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Hillary Clinton became a top solar energy advocate overnight after announcing her ambitious goals to deter the devastating effects of global warming. Her plans include a 700 percent increase in the country’s solar capacity by 2020, which is equivalent to 25 million fully operational rooftop systems.

“We’re on the cusp of a new era. We can have more choice in the energy we consume and produce. We can create a more open, efficient, and resilient grid that connects us, empowers us, improves our health, and benefits us all,” highlighted Clinton.

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Reasonable Forecasts and Solar Energy Adoption 

The solar energy movement is growing exponentially. But can it handle the target set by the campaign? According to the US Energy Information Administration’s April 2014 Electricity Monthly Update, the projected goals are achievable.

Between 2012 and 2014, solar power grew over 418 percent in the US. Assuming installations come through at the same pace, hitting the milestone should not be a problem. Clinton wants an increase of 30 gigawatts of solar energy per year. In 2014, the total that was installed in the US was only 6.2 gigawatts.

Investment Tax Credit Policies

What seems like a straightforward approach to eradicate wasteful energy is not. There are some crucial factors to consider that makes Clinton’s elaborate plan of going solar complicated and risky.

First is the cost of adoption. Solar panels, batteries and installation rates are getting cheaper. This should encourage consumers to invest in solar units. However, key federal tax credits are due to expire in the coming years, which can cause people to be less gung-ho about putting their hard-earned money into solar appliances and parts. Clinton will likely take the necessary steps to ensure the policies are extended.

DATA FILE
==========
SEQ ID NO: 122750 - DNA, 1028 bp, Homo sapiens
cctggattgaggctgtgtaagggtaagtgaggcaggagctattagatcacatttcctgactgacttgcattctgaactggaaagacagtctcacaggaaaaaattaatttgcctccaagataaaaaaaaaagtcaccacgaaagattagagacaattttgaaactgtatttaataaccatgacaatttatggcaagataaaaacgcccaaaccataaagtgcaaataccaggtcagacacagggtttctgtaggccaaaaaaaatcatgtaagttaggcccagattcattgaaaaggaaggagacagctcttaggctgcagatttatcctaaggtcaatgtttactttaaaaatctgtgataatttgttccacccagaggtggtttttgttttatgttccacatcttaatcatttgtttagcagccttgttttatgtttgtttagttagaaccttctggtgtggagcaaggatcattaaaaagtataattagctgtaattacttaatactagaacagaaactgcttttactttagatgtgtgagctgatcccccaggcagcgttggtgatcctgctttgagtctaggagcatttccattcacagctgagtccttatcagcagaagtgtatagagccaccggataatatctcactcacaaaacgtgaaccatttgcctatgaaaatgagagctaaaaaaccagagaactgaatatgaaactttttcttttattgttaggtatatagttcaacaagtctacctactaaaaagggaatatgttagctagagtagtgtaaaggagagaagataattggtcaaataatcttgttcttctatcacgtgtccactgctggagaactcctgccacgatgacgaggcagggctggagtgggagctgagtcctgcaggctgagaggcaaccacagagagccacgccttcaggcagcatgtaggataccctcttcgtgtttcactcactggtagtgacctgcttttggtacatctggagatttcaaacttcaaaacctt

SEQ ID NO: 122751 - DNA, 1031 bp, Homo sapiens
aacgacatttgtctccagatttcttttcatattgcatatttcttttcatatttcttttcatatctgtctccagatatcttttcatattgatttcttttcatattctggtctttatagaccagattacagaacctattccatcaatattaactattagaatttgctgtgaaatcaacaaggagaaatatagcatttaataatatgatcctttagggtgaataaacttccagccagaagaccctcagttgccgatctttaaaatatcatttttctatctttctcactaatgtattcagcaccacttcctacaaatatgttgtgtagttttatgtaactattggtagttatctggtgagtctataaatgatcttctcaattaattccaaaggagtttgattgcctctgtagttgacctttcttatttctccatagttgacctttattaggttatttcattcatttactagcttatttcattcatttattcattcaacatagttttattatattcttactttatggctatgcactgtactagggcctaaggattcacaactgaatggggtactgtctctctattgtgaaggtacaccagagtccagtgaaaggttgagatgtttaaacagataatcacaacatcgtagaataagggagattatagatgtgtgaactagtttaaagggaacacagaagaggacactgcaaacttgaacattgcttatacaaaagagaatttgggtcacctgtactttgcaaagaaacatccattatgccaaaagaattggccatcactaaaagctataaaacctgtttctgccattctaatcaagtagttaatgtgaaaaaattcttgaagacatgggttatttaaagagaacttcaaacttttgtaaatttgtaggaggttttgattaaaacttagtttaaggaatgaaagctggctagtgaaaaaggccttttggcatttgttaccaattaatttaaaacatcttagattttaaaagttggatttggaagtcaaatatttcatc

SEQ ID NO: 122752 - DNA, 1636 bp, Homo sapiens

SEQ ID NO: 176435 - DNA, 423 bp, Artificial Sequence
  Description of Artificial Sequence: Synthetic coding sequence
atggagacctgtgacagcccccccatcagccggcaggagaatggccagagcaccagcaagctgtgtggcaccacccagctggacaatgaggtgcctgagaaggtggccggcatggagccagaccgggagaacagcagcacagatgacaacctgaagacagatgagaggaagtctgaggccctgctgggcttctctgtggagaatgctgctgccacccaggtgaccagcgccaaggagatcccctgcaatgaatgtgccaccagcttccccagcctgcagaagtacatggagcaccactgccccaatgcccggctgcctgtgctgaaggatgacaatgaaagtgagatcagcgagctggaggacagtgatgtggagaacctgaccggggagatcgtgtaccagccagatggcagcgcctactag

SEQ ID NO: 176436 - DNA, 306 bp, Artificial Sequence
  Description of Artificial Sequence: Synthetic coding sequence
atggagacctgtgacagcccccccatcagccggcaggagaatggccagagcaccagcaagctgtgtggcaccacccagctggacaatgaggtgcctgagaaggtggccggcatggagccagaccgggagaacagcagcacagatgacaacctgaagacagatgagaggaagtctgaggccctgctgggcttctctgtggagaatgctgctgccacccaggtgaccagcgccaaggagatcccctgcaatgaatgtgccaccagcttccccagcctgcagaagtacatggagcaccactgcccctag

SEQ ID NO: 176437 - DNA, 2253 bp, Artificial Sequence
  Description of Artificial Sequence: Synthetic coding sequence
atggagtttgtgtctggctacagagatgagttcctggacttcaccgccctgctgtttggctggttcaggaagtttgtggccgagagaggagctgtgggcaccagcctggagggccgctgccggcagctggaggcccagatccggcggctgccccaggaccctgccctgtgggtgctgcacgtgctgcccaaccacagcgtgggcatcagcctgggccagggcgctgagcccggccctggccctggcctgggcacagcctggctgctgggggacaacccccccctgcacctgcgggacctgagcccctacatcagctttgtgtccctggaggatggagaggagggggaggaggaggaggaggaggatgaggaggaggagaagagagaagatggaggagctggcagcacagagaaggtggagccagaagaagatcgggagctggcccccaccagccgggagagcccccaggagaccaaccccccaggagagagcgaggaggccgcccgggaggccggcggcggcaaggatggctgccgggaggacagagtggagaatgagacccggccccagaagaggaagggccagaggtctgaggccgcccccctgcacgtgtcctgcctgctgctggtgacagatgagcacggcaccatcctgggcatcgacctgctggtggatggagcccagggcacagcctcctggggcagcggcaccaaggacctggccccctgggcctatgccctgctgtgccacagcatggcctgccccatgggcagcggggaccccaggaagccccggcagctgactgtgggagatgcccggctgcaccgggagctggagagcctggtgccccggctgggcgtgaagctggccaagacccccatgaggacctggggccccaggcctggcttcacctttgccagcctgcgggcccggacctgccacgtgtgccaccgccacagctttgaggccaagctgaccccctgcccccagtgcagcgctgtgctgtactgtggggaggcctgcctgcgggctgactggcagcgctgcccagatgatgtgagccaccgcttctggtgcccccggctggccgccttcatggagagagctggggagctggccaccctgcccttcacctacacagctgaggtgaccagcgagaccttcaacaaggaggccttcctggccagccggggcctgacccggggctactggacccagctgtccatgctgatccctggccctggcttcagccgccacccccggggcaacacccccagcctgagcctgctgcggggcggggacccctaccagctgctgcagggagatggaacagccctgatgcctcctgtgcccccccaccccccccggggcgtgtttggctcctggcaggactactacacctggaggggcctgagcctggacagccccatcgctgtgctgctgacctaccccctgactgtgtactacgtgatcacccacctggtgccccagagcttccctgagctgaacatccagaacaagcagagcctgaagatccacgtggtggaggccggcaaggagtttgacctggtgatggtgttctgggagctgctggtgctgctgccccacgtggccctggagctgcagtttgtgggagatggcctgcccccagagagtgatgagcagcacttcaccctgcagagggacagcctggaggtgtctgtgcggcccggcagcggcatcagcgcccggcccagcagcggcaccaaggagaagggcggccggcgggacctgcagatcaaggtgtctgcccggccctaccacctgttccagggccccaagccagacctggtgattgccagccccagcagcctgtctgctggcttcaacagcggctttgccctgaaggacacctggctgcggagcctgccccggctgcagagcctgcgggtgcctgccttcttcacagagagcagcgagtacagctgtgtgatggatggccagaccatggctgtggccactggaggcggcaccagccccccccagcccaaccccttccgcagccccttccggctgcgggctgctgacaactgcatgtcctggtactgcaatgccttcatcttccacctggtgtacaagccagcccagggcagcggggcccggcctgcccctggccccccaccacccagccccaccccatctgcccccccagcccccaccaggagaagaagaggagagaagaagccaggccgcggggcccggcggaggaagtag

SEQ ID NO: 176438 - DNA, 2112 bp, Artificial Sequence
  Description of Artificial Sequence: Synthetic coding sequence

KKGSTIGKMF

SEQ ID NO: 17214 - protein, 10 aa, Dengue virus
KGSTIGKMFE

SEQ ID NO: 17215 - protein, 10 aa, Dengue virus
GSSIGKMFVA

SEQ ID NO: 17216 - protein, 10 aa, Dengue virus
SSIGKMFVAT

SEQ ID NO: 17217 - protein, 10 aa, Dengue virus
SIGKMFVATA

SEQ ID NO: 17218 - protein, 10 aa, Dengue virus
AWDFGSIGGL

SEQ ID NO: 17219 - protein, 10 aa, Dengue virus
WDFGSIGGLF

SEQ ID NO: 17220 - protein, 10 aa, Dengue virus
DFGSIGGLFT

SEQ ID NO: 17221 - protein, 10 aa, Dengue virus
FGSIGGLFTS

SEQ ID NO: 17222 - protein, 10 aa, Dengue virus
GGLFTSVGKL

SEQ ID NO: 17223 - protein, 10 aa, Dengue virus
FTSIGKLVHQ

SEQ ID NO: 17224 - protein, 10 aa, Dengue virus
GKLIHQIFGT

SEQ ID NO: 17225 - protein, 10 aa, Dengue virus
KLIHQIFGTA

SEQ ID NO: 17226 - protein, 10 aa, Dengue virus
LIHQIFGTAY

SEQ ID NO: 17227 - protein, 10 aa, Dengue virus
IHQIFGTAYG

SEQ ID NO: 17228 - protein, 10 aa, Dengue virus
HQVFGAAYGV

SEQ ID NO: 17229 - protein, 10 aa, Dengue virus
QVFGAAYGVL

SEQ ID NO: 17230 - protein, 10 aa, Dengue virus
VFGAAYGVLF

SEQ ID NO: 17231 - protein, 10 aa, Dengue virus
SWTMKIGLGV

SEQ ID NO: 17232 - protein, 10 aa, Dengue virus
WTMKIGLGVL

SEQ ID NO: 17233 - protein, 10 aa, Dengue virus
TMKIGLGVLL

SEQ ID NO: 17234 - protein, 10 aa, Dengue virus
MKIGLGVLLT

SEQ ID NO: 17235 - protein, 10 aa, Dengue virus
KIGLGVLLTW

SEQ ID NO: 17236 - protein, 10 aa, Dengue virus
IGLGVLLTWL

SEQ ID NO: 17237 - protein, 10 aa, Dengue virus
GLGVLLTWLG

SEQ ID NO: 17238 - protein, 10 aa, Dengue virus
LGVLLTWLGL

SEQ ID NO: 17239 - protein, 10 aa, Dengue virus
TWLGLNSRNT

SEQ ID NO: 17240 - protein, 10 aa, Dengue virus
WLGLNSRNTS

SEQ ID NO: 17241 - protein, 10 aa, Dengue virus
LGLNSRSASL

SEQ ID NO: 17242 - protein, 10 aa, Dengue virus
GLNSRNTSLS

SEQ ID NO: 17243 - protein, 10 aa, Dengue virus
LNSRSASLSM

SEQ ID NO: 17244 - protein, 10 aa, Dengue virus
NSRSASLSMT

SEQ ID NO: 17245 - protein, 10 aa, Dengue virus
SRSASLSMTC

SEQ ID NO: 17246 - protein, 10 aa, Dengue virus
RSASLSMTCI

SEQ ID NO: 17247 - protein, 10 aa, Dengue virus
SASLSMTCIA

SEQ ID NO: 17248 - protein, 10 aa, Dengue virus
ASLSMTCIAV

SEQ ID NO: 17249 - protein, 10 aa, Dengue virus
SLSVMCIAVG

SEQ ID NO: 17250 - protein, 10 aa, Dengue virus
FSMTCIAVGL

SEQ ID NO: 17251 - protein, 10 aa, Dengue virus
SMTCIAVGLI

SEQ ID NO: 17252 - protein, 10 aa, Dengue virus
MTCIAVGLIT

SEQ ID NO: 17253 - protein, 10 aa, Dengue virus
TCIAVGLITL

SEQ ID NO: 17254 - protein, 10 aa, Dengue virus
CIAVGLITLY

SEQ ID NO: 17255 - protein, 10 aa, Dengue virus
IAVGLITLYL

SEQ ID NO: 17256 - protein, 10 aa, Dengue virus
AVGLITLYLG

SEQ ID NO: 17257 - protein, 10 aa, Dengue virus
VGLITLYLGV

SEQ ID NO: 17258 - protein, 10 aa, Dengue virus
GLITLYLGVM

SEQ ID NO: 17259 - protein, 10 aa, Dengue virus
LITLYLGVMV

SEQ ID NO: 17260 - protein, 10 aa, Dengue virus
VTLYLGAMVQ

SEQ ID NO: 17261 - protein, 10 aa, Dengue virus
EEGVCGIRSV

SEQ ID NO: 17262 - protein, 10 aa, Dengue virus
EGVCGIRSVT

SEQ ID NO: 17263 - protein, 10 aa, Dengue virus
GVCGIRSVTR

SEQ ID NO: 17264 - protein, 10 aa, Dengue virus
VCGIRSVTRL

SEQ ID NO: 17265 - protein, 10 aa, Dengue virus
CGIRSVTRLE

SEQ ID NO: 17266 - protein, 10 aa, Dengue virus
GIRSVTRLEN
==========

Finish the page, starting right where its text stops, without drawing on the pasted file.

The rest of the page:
Standing in her way are Republicans in Congress who are out to put an end to Obama’s Clean Power Plan. In a move to prevent groups from thwarting her objectives, she may exercise her right to veto such attempts.

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Going Beyond Solar 

Clinton has certainly taken the most direct route to addressing renewable energy issues, but what else can she do to further establish the solar movement?

“There are other means for lowering CO2 emissions in the US. Our comparatively profligate use of gasoline has been one area of focus and average consumer vehicle fuel efficiency has actually been rising in the US in recent years,” said Ethan Zindler, Bloomberg New Energy Finance’s Americas chief.

“More improvements in transport are definitely possible, particularly in the area of trucks. More efficient use of electricity in homes and businesses is also an area that clearly offers opportunities that do not even necessarily need to be policy driven as they offer consumers the opportunity to save money.”

Zindler raises a strong point- there’s more to energy conservation than solar. Having a diverse strategy (small advancements spread across multiple sectors) is not as impressive or monumental, compared to huge jumps in a focused area. But, taking a holistic approach could help lower the pressure of pinning the country’s hopes on the success of a very nascent, but also notably promising, technology.

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